This year saw the first successful roll out of the new improved version of the well-known GIS training course offered by the Asian Disaster Preparedness Centre that now includes tailored UNOSAT modules on post-disaster impact and damage analysis in emergency response mapping. The course is held once a year in Bangkok around October and lasts two weeks. The UNOSAT module is held on three consecutive days during the course.
The signing in 2010 of the UNOSAT-ADPC partnership is directly linked to this latest achievement. As underlined by UNOSAT management at the time of its signature, the partnership was born with the necessary financial and knowledge assets to carry out work for three years so that the UNOSAT and ADPC teams involved are free to concentrate on producing tangible results and “make a greater difference by working together” as mentioned by UNOSAT Manager Francesco Pisano. The partnership aims at producing results not only in the area of professional training, but also in that of capacity development and territorial planning, in which UNOSAT has engaged resources to develop in-country actions in at least one country per year in South-East Asia alone.
The course held in Bangkok in October 2011 was the 7th ediciton of the GIS4DRM course, which has been jointly re-designed in 2010 by ADPC, the Asian Institute of Technology (AIT), the Faculty of Geo-Information Science and Earth Observation of the University of Twente, the Netherlands (ITC), and UNOSAT. Luca Dell’Oro, in charge of this training for UNOSAT, explains: “the addition of UNOSAT modules on emergency response mapping serves the purpose of introducing participants to the actual use of satellite imagery analysis and GIS datasets and related methodologies and techniques to perform rapid analysis to assess impact and structural damage caused by natural disasters”.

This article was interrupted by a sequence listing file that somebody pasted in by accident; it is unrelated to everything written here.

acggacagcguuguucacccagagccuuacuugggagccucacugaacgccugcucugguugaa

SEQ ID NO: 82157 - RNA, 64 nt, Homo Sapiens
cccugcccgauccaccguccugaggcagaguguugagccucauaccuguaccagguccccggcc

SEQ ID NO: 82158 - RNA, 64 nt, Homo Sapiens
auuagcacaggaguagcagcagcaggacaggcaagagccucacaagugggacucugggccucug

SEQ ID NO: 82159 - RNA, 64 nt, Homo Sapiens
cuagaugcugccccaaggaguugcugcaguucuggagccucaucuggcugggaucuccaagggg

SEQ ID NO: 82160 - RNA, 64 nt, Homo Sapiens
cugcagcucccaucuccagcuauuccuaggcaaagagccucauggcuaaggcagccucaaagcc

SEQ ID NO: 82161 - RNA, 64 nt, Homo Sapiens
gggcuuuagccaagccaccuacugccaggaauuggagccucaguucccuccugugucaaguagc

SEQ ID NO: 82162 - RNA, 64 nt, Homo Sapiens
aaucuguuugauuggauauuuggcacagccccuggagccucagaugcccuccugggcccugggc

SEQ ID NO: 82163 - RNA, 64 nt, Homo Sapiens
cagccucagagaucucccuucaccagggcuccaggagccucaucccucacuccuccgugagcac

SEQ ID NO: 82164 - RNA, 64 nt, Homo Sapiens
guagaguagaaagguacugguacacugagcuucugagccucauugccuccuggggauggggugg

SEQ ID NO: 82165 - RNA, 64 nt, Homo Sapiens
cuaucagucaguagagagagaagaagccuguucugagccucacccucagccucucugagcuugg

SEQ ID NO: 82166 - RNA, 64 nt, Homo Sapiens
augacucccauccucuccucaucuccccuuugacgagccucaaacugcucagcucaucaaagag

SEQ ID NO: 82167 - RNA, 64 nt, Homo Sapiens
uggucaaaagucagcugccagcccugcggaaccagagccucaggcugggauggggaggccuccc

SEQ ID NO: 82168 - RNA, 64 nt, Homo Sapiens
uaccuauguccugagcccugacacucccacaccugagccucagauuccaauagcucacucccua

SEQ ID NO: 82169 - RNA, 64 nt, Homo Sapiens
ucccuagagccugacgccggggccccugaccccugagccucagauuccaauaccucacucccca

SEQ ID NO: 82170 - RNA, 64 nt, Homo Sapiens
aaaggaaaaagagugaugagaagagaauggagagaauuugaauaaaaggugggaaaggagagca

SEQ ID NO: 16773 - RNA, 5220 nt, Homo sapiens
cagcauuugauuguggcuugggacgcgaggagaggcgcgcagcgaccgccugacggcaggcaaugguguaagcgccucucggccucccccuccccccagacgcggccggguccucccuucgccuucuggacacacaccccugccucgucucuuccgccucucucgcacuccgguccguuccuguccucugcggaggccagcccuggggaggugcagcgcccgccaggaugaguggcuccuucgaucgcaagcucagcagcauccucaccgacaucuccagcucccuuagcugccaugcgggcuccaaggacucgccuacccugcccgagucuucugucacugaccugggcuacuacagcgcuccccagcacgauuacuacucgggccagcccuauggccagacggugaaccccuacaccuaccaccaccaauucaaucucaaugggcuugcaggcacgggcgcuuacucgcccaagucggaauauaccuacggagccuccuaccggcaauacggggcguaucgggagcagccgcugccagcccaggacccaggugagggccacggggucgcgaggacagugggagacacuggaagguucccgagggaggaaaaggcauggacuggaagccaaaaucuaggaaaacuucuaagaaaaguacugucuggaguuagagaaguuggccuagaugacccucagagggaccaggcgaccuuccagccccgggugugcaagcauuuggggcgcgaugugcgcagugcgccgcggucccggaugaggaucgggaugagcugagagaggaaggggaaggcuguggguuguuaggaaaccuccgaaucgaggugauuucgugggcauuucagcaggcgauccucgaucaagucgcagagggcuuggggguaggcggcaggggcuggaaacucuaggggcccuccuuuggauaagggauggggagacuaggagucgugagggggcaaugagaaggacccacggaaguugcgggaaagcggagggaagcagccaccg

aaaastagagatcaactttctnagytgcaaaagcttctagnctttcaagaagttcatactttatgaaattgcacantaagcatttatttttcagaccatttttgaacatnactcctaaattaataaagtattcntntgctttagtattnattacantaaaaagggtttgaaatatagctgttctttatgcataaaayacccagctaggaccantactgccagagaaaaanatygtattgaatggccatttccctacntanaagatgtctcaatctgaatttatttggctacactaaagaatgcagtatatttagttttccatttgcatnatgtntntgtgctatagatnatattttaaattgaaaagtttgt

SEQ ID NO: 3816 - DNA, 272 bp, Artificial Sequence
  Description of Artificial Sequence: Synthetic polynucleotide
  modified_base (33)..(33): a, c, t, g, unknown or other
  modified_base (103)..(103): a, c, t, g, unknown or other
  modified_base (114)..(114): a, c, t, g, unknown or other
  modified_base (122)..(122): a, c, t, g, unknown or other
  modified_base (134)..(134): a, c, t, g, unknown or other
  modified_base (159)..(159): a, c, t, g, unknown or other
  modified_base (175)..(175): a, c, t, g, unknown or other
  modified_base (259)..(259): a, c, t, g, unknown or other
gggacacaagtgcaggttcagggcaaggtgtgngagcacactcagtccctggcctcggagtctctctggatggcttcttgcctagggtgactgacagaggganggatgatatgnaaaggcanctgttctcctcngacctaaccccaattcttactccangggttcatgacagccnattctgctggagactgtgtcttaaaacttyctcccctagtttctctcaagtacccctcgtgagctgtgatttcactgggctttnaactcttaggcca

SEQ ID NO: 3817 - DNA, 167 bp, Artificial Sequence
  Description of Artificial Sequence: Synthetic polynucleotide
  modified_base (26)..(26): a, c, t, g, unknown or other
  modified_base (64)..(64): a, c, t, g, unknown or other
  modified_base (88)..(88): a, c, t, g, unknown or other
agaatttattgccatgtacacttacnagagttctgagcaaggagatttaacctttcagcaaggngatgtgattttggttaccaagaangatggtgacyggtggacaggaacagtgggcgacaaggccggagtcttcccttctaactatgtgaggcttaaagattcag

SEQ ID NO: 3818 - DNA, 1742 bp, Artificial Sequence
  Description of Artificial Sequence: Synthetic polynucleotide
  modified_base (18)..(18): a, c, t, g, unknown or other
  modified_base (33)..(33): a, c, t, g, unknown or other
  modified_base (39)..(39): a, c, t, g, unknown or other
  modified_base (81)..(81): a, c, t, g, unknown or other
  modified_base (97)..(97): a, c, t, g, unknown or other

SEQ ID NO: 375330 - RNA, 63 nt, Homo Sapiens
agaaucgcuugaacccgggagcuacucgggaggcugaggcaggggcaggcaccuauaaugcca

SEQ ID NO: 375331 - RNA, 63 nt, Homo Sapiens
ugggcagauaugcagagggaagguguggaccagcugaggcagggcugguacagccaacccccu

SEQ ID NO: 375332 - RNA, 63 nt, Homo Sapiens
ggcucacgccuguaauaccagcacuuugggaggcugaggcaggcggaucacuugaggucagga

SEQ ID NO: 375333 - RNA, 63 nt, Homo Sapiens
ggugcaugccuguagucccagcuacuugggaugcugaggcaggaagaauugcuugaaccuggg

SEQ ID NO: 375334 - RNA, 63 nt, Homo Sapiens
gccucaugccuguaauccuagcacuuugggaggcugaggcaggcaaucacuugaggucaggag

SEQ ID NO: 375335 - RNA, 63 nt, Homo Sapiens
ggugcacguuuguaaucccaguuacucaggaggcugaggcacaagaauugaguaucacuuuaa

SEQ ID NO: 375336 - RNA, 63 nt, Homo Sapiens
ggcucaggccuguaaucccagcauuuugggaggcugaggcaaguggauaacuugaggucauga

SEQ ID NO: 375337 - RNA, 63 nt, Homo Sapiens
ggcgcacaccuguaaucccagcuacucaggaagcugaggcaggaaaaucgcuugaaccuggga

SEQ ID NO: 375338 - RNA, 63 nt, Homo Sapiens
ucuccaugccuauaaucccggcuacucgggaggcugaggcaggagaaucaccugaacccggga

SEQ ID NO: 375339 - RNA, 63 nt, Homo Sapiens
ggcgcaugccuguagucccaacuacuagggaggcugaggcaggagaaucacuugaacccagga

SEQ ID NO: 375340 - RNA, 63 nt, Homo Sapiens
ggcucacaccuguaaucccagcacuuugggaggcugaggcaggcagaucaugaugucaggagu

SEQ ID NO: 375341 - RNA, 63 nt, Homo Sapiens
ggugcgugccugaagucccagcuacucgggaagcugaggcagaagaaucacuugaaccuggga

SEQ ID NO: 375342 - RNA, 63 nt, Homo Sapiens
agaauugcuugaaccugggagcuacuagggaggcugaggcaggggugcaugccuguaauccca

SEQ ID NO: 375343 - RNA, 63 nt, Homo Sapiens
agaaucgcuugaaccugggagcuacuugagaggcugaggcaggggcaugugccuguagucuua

The 2011 edition attracted participants from 10 different countries, essentially disaster managers working for national governments, UN organizations and NGOs. Some participants were also professionals engaged in the field of disaster risk reduction, an area in which UNOSAT has been investing substantial financial and development resources in view of a decisive increase of output in 2012-2013.
The feedback and evaluation from participants were very positive especially in reaction to the UNOSAT practice of delivering training using only real case scenarios related to major and recent past disaster events.
Photos courtesy of UNOSAT/ADPC